Similar stories are playing out across the Middle East, where drought and agricultural collapse have produced a lost generation with no prospects and simmering resentments. Iran, Iraq and Jordan all face water catastrophes. Water is driving the entire region to desperate acts.

More Water Than Needs

Except Israel. Amazingly, Israel has more water than it needs. The turnaround started in 2007, when low-flow toilets and showerheads were installed nationwide and the national water authority built innovative water treatment systems that recapture 86 percent of the water that goes down the drain and use it for irrigation — vastly more than the second-most-efficient country in the world, Spain, which recycles 19 percent.

But even with those measures, Israel still needed about 1.9 billion cubic meters (2.5 billion cubic yards) of freshwater per year and was getting just 1.4 billion cubic meters (1.8 billion cubic yards) from natural sources. That 500-million-cubic-meter (650-million-cubic-yard) shortfall was why the Sea of Galilee was draining like an unplugged tub and why the country was about to lose its farms.

The country faces a previously unfathomable question: What to do with its extra water?Enter desalination. The Ashkelon plant, in 2005, provided 127 million cubic meters (166 million cubic yards) of water. Hadera, in 2009, put out another 140 million cubic meters (183 million cubic yards). And now Sorek, 150 million cubic meters (196 million cubic yards). All told, desal plants can provide some 600 million cubic meters (785 million cubic yards) of water a year, and more are on the way.

The Sea of Galilee is fuller. Israel’s farms are thriving. And the country faces a previously unfathomable question: What to do with its extra water?

Water Diplomacy

Inside Sorek, 50,000 membranes enclosed in vertical white cylinders, each 4 feet high and 16 inches wide, are whirring like jet engines. The whole thing feels like a throbbing spaceship about to blast off. The cylinders contain sheets of plastic membranes wrapped around a central pipe, and the membranes are stippled with pores less than a hundredth the diameter of a human hair. Water shoots into the cylinders at a pressure of 70 atmospheres and is pushed through the membranes, while the remaining brine is returned to the sea.

Sorek Desalination Plant[1]

Sorek Desalination Plant

Desalination used to be an expensive energy hog, but the kind of advanced technologies being employed at Sorek have been a game changer. Water produced by desalination costs just a third of what it did in the 1990s. Sorek can produce a thousand liters of drinking water for 58 cents. Israeli households pay about US$30 a month for their water — similar to households in most U.S. cities, and far less than Las Vegas (US$47) or Los Angeles (US$58).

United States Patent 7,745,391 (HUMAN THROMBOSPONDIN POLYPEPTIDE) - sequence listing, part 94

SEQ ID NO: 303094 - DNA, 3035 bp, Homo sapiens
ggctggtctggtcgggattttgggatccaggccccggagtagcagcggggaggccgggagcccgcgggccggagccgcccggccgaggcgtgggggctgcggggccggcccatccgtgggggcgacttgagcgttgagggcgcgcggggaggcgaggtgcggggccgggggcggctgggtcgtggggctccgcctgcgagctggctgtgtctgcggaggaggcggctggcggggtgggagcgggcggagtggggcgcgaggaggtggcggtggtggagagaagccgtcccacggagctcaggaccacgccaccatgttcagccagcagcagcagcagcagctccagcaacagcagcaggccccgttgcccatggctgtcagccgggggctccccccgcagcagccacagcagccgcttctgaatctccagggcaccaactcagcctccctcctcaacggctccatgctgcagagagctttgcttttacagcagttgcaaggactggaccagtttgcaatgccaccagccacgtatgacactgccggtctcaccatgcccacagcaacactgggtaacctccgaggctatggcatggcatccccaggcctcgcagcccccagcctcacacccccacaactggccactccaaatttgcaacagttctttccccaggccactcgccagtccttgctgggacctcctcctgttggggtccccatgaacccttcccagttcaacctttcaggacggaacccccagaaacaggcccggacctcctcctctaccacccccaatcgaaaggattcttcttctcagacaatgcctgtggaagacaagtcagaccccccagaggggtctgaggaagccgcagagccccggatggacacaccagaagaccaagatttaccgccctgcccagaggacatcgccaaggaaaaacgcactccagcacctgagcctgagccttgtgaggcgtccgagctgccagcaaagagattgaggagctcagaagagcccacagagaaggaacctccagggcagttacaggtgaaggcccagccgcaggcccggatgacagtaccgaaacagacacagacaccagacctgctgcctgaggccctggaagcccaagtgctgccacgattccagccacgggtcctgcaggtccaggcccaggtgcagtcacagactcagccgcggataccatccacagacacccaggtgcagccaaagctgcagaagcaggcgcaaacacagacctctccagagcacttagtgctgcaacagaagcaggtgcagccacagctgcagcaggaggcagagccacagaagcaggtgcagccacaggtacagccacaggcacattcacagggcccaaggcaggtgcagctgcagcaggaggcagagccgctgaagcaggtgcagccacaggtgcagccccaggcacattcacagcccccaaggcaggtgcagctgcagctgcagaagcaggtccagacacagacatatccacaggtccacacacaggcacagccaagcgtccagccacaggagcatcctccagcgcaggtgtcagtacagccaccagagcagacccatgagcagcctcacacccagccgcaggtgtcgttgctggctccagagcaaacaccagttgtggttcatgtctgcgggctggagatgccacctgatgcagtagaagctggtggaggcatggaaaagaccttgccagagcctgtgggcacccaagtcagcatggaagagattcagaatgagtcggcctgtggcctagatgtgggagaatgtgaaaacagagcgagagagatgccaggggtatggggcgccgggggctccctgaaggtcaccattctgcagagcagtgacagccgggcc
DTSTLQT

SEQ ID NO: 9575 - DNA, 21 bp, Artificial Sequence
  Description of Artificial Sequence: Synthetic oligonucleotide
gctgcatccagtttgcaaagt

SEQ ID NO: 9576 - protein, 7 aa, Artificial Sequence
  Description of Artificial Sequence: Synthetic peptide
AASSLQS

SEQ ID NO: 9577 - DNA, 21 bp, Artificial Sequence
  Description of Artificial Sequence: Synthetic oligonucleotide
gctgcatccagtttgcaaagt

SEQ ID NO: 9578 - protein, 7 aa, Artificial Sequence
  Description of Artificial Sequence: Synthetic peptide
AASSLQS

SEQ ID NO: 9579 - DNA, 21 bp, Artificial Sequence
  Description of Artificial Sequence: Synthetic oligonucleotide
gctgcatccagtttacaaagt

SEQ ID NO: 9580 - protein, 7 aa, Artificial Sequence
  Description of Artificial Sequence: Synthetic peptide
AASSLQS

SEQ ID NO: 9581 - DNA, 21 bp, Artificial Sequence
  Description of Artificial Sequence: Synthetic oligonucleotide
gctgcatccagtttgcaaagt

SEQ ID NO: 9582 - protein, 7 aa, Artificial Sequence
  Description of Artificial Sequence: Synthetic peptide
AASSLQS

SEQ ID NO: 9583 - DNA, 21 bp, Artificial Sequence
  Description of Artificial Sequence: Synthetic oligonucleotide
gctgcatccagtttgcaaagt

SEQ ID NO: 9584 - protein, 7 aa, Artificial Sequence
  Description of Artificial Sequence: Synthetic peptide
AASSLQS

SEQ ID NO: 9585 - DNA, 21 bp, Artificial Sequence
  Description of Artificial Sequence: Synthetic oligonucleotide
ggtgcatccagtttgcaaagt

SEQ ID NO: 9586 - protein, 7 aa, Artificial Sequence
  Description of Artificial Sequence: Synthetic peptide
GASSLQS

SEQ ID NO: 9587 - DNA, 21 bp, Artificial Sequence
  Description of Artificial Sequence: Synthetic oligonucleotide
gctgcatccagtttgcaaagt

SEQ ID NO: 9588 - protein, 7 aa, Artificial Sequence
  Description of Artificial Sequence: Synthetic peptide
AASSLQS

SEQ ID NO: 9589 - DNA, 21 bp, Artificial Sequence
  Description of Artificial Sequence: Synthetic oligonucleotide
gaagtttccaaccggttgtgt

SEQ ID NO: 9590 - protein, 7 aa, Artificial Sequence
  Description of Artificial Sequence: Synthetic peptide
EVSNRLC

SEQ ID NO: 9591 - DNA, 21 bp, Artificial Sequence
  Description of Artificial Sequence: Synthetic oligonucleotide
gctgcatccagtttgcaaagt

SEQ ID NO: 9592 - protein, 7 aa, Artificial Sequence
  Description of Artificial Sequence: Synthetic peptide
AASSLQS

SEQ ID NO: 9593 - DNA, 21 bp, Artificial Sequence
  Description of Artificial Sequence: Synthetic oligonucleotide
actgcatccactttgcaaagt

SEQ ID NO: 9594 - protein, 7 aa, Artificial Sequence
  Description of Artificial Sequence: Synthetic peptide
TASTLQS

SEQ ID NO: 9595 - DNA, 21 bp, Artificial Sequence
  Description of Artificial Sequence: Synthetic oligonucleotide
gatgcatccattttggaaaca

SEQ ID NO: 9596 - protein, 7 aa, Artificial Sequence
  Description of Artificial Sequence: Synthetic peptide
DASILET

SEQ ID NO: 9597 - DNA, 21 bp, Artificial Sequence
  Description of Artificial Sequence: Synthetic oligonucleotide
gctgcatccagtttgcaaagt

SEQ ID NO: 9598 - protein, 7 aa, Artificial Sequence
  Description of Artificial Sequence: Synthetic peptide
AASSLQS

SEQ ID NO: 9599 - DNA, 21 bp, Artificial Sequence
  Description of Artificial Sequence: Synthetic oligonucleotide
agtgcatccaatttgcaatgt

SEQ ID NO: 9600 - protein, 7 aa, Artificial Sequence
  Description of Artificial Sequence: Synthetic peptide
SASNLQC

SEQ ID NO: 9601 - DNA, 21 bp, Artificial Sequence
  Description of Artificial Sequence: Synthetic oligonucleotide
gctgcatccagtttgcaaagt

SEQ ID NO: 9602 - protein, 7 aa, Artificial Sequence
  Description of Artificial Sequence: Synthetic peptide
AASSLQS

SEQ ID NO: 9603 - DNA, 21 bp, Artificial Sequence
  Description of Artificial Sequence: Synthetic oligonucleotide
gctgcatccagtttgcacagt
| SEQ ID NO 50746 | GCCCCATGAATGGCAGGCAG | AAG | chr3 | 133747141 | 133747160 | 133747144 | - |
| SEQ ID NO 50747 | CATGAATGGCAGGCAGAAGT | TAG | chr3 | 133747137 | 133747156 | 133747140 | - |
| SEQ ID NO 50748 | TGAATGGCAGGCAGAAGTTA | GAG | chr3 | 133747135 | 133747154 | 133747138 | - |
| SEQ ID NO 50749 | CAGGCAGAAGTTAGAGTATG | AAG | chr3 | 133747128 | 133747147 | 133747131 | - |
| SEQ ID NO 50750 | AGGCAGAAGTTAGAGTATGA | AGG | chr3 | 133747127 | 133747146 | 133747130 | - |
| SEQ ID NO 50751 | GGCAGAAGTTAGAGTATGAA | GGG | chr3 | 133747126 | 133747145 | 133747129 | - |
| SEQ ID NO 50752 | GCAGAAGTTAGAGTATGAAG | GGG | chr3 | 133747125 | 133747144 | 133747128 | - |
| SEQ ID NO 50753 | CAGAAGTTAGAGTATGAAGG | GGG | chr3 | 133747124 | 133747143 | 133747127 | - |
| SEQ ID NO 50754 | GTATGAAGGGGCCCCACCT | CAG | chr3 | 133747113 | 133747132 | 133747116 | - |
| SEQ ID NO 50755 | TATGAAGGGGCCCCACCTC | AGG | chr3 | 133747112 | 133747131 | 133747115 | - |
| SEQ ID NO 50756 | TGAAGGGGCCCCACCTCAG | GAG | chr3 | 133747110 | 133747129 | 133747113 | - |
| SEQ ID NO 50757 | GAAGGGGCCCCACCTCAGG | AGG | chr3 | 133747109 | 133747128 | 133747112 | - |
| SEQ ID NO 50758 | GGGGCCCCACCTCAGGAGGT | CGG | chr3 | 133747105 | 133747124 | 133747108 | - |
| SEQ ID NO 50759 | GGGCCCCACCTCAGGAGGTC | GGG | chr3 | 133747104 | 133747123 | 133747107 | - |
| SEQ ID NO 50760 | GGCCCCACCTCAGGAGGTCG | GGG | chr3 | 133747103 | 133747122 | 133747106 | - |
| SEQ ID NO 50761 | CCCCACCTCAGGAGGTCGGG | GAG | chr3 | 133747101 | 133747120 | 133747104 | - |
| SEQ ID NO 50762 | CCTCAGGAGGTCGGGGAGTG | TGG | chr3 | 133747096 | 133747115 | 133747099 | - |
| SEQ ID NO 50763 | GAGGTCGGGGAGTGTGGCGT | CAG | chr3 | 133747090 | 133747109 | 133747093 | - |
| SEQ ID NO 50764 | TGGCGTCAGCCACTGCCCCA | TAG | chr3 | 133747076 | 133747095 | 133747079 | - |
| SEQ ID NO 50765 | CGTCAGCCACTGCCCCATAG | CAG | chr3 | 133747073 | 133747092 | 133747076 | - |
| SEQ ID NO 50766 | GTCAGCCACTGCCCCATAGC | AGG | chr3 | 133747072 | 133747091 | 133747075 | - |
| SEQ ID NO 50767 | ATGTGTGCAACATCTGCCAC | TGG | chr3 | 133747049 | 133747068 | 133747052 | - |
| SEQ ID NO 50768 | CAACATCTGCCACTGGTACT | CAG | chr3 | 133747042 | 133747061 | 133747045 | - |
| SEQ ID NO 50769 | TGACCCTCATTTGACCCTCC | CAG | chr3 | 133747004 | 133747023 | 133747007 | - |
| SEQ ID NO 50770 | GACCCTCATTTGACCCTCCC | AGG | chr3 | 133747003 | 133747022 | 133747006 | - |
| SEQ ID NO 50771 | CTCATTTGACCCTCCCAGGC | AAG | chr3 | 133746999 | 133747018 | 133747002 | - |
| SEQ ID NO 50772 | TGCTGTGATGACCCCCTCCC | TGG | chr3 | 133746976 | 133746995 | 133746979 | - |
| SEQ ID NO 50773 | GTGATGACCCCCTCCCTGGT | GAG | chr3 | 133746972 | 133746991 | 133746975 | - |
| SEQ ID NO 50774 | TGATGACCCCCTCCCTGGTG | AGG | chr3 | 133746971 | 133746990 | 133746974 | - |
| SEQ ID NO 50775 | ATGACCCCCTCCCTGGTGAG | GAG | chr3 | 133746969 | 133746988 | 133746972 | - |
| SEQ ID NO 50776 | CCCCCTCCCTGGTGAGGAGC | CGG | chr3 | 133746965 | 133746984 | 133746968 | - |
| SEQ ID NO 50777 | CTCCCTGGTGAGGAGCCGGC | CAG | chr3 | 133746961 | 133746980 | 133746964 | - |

The International Desalination Association claims that 300 million people get water from desalination, and that number is quickly rising. IDE, the Israeli company that built Ashkelon, Hadera and Sorek, recently finished the Carlsbad desalination plant in Southern California, a close cousin of its Israel plants, and it has many more in the works. Worldwide, the equivalent of six additional Sorek plants are coming online every year. The desalination era is here.

What excites Bar-Zeev the most is the opportunity for water diplomacy.What excites Bar-Zeev the most is the opportunity for water diplomacy. Israel supplies the West Bank with water, as required by the 1995 Oslo II Accords, but the Palestinians still receive far less than they need. Water has been entangled with other negotiations in the ill-fated peace process, but now that more is at hand, many observers see the opportunity to depoliticize it. Bar-Zeev has ambitious plans for a Water Knows No Boundaries conference in 2018, which will bring together water scientists from Egypt, Turkey, Jordan, Israel, the West Bank and Gaza for a meeting of the minds.

Even more ambitious is the US$900 million Red Sea–Dead Sea Canal, a joint venture between Israel and Jordan to build a large desalination plant on the Red Sea, where they share a border, and divide the water among Israelis, Jordanians and the Palestinians. The brine discharge from the plant will be piped 100 miles north through Jordan to replenish the Dead Sea, which has been dropping a meter per year since the two countries began diverting the only river that feeds it in the 1960s. By 2020, these old foes will be drinking from the same tap.

On the far end of the Sorek plant, Bar-Zeev and I get to share a tap as well. Branching off from the main line where the Sorek water enters the Israeli grid is a simple spigot, a paper cup dispenser beside it. I open the tap and drink cup after cup of what was the Mediterranean Sea 40 minutes ago. It tastes cold, clear and miraculous.

The contrasts couldn’t be starker. A few miles from here, water disappeared and civilization crumbled. Here, a galvanized civilization created water from nothingness. As Bar-Zeev and I drink deep, and the climate sizzles, I wonder which of these stories will be the exception, and which the rule.